Originally Posted by DemonWolf View Post
This is one of those things that I accept as true, but will continue to behave as though it is false.

Basically, I will assume that all gasoline is flammable and keep it way from fumes.
A prudent way to look at it.

The OP has kind of a poor choice of words. "I have heard from many different sources that gasoline (the liquid) is not flammable." By all defintions of the words "gasoline" and "flammable" gasoline is indeed flammable. But fuel isn't the only thing you need for fire.

The possibility of ignition beneath the surface of the gasoline is similar to the possibility of a flame being sucked back into a propane (or acetylene, or butane, or ...) tank used to fuel a torch. Even if the flame is sucked back into the tank there is no air (or other oxidizers) in the tank so the fuel will not burn.

So it is true, an ignition source below the surface of a pan of gasoline cannot ignite the gasoline.
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  #10  
Old 08 August 2007, 12:57 AM
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Silas Sparkhammer Silas Sparkhammer is offline
 
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For what it may be worth, a bubble of air in a volume of gasoline also produces a flammable surface. Scientific American had an article on it. Researchers would introduce air-jets into liquid natural gas, or into gaseous natural gas, strike a spark, and produce a flame.

(Science fiction writer Poul Anderson proposed this in a story in which a human space traveller is lost in the atmosphere of Jupiter. He lights a "signal flare" by expelling some of his spare oxygen and igniting it in the methane-rich Jovian sky.)

Silas
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  #11  
Old 08 August 2007, 03:00 PM
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Quote:
Originally Posted by snopes View Post
Comment: I have heard from many different sources that gasoline (the
liquid) is not flammable.

This is TRUE! I just checked my gasoline can in the garage and it says in bold letters "Inflammable."
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  #12  
Old 08 August 2007, 04:47 PM
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"Don't worry, it's inflammable!"

On this topic, it was kicked around by a lot of boys in my elementary/middle school that gasoline liquid burned, and gasoline vapor exploded;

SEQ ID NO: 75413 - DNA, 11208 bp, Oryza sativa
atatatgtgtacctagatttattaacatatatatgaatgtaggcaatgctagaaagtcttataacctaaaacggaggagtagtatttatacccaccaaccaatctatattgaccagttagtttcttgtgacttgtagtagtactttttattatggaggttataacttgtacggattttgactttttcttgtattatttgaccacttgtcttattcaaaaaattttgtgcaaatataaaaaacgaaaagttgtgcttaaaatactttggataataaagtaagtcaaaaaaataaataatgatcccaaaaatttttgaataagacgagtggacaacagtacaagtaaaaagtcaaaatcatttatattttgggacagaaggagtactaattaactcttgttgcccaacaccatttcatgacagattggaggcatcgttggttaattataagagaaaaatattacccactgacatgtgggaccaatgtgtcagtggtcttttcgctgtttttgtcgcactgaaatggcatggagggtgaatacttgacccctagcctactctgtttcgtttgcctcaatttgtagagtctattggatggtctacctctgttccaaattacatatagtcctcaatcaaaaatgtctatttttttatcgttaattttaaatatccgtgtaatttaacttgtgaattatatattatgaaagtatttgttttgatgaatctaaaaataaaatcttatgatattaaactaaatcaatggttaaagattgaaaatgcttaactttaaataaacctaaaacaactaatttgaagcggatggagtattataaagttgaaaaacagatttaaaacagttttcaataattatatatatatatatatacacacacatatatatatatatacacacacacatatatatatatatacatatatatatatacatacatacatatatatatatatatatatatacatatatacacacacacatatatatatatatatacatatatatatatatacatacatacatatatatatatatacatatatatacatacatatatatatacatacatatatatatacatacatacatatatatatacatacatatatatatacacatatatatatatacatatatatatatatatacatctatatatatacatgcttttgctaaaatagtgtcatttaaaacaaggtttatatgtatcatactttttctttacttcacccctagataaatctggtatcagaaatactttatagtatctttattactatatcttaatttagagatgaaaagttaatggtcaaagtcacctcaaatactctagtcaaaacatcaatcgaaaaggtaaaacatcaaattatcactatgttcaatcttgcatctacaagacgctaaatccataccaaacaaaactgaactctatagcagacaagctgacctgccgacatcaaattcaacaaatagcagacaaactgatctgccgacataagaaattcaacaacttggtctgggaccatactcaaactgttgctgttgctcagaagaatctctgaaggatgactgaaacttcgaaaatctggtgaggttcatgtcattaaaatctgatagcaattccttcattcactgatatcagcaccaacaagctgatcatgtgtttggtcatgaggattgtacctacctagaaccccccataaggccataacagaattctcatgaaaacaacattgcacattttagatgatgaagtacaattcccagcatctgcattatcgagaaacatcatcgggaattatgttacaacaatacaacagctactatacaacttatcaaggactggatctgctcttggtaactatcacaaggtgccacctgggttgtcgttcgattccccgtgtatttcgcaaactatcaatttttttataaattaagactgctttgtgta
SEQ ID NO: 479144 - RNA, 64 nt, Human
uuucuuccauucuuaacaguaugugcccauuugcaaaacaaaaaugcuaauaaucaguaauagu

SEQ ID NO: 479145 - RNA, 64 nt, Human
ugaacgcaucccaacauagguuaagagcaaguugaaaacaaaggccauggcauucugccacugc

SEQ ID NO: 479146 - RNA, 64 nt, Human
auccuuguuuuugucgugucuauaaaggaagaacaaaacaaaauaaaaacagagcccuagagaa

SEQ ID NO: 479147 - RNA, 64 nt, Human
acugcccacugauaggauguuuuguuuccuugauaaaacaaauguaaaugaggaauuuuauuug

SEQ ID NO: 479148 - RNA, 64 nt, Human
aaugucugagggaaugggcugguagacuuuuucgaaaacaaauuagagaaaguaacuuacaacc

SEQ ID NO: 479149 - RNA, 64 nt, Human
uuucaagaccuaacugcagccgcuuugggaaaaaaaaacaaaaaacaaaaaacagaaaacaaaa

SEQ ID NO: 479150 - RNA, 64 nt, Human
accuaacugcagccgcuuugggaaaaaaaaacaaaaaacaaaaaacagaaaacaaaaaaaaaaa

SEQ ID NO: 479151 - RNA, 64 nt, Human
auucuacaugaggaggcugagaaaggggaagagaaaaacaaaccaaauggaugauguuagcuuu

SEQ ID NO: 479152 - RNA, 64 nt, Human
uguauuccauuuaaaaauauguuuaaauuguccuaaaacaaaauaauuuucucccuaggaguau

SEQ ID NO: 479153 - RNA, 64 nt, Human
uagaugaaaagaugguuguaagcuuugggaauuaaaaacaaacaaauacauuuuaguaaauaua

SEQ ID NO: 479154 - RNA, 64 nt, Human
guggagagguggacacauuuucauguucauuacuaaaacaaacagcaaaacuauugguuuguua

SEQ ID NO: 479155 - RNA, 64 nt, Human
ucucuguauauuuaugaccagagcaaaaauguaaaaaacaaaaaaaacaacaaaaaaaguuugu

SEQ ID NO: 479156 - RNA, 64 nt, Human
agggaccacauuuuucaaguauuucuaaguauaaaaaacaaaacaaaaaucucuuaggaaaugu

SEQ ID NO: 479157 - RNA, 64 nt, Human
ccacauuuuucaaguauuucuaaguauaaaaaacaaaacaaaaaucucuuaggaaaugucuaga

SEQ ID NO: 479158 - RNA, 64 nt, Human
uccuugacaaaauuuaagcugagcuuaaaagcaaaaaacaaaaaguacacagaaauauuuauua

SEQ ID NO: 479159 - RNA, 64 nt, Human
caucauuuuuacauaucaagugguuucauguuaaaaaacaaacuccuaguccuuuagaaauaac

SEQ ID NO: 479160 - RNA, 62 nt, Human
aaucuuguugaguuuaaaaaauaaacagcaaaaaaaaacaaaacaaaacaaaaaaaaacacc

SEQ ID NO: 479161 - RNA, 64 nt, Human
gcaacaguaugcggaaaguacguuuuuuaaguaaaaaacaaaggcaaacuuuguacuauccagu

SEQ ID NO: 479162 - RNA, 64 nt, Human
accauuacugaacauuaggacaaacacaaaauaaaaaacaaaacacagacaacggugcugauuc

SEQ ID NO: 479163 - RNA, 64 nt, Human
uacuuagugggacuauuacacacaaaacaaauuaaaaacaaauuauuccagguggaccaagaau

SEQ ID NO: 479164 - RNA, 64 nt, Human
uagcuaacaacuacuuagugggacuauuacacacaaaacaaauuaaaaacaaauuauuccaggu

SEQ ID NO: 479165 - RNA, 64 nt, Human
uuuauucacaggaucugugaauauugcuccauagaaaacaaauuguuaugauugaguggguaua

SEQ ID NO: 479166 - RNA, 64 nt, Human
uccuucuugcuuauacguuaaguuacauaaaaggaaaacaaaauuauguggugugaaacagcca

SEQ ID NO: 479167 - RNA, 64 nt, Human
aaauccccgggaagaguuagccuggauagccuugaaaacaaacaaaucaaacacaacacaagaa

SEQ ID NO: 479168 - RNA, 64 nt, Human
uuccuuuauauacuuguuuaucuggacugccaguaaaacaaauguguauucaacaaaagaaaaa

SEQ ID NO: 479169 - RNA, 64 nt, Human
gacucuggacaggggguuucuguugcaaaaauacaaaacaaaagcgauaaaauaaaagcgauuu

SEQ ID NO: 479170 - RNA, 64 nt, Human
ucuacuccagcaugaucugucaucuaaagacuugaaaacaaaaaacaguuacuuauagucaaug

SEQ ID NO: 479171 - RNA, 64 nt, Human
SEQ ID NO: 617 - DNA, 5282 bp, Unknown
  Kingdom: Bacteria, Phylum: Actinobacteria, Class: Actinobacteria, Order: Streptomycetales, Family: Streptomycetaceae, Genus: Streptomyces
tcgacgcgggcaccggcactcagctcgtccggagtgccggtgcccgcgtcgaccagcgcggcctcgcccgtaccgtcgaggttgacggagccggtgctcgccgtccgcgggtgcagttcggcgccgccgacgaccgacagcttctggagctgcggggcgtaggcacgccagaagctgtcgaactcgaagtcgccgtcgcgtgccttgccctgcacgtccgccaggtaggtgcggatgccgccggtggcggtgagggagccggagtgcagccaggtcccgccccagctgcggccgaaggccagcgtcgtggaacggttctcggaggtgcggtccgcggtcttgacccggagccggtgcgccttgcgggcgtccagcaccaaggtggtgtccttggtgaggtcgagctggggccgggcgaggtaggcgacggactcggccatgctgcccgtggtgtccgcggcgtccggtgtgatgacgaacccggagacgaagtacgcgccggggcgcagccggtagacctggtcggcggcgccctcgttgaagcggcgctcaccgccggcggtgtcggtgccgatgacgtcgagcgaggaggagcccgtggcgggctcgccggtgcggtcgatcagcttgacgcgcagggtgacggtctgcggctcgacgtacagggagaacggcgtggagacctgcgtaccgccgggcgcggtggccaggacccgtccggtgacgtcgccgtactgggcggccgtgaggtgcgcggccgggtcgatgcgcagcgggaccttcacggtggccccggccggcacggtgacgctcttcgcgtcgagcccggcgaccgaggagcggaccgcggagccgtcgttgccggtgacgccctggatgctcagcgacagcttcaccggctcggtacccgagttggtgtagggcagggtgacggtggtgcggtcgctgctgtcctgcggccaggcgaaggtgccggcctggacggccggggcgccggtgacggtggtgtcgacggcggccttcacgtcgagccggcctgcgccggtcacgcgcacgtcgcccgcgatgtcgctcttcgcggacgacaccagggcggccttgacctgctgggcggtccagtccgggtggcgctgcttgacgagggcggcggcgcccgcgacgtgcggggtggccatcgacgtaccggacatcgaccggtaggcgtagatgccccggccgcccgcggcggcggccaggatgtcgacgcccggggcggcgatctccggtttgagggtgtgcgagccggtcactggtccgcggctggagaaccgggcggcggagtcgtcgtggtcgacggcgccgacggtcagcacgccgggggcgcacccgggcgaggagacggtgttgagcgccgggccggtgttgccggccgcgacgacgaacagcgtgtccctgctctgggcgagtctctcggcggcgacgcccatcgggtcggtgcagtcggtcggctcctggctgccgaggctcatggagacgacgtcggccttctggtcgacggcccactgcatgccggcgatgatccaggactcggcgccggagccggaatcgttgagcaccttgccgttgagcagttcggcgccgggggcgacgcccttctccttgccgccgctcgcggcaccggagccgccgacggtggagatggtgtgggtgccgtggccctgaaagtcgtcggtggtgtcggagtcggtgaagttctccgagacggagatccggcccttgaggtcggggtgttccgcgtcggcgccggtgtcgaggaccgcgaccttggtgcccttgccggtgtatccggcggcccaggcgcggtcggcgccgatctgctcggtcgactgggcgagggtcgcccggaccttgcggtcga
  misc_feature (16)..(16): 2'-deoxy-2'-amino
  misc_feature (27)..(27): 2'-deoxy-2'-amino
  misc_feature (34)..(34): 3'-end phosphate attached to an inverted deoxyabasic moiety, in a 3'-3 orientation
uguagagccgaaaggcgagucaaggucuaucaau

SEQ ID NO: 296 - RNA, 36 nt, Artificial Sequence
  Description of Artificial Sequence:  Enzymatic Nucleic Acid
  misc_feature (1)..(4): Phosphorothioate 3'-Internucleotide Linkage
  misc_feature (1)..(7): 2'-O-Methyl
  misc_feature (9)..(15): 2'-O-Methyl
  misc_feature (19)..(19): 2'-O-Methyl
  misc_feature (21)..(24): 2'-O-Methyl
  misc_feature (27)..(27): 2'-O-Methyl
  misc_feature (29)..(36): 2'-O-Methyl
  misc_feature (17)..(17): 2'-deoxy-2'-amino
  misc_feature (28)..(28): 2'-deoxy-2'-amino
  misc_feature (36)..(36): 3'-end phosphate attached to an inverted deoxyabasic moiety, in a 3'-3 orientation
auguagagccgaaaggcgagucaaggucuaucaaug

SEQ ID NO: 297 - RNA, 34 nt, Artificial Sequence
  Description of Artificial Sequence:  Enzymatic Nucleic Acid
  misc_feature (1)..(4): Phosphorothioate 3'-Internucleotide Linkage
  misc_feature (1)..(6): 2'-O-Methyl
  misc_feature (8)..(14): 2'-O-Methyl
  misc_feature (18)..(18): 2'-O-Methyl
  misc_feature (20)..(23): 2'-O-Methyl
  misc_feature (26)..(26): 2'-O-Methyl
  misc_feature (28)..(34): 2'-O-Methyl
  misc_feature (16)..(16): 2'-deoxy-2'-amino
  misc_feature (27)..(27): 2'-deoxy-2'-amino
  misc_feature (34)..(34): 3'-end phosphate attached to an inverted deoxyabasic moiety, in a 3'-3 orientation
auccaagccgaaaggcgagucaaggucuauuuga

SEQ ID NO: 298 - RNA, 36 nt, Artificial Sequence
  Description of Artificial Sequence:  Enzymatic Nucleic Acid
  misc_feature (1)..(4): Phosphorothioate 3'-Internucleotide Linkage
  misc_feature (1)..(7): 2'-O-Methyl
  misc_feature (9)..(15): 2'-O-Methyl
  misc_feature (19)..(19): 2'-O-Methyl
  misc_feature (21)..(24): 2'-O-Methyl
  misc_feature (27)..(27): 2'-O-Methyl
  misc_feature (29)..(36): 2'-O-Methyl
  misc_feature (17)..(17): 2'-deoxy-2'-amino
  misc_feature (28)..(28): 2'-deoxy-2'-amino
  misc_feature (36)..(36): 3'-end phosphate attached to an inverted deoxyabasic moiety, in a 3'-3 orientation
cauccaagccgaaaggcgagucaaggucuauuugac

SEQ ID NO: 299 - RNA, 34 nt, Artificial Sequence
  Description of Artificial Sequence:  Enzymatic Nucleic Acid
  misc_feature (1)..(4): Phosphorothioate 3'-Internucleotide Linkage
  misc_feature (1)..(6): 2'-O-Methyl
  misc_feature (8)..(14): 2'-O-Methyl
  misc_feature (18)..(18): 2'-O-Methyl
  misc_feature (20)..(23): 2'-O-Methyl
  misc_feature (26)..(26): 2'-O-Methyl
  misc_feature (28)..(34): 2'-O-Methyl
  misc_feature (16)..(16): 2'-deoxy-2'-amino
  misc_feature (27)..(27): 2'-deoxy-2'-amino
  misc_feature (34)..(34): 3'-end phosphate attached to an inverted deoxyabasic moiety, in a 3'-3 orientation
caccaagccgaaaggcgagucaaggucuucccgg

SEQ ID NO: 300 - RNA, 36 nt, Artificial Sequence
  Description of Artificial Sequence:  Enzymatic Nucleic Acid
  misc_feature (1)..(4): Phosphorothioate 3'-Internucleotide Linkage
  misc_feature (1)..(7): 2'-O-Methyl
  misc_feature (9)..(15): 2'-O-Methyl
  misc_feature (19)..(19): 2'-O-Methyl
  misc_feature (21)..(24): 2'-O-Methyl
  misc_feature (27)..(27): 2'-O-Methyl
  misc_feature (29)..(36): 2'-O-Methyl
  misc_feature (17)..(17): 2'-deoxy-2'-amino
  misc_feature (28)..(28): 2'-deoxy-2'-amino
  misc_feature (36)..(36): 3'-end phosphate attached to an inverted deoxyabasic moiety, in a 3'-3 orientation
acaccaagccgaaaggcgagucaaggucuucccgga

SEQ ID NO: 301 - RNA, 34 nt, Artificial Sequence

Therefore, if (for some reason) you wanted to blow up a gas station, you could light the end of a running gasoline nozzle on fire, and it would burn, but as soon as the gas ran out, the vapor would ignite, run backwards into the underground tank, and explode.

A CUNNING PLAN!

I know that the execution is pretty much all BS, but the concept of a gasoline tank exploding because of the transition from liquid to vapor when it "runs out" has always made me curious.

I've been half-tempted to send it to the Mythbusters.
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  #13  
Old 08 August 2007, 06:26 PM
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Silas Sparkhammer Silas Sparkhammer is offline
 
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Quote:
Originally Posted by Electrotiger View Post
. . . the concept of a gasoline tank exploding because of the transition from liquid to vapor when it "runs out" has always made me curious. . .
It does seem kinda silly. It's a misapplication of the "intermediate value theorem." We know that a full gas tank burns. We know that one which has recently been emptied, and thus has a lot of fumes, can explode. But this doesn't mean that you get a smooth, continuous transition between the states, where the tank quietly burns down to a "critical point" where it is suddenly explosive, not having been so before.

If you take a full jerrican of gasoline out to the desert (sigh; I know, but I was young) and light it on fire, it merely burns. You get a flare-up as the burning surface increases, but no explosion.

If you tie a long rope to the can and tilt it over, the spreading pool of gasoline burns quite nicely...but no explosion.

(But...if you take a frying pan or hubcab, pour in gasoline, and then pour in a couple cups of black powder...and light it on fire...whoo hoo! NICE pyro!)

Silas (stand way back, y'hear?)
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  #14  
Old 08 August 2007, 07:48 PM
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This Link Seems to settle the issue.

Quote:
When a flammable liquid is in its liquid state, it will not ignite. It will only burn when in its gaseous state.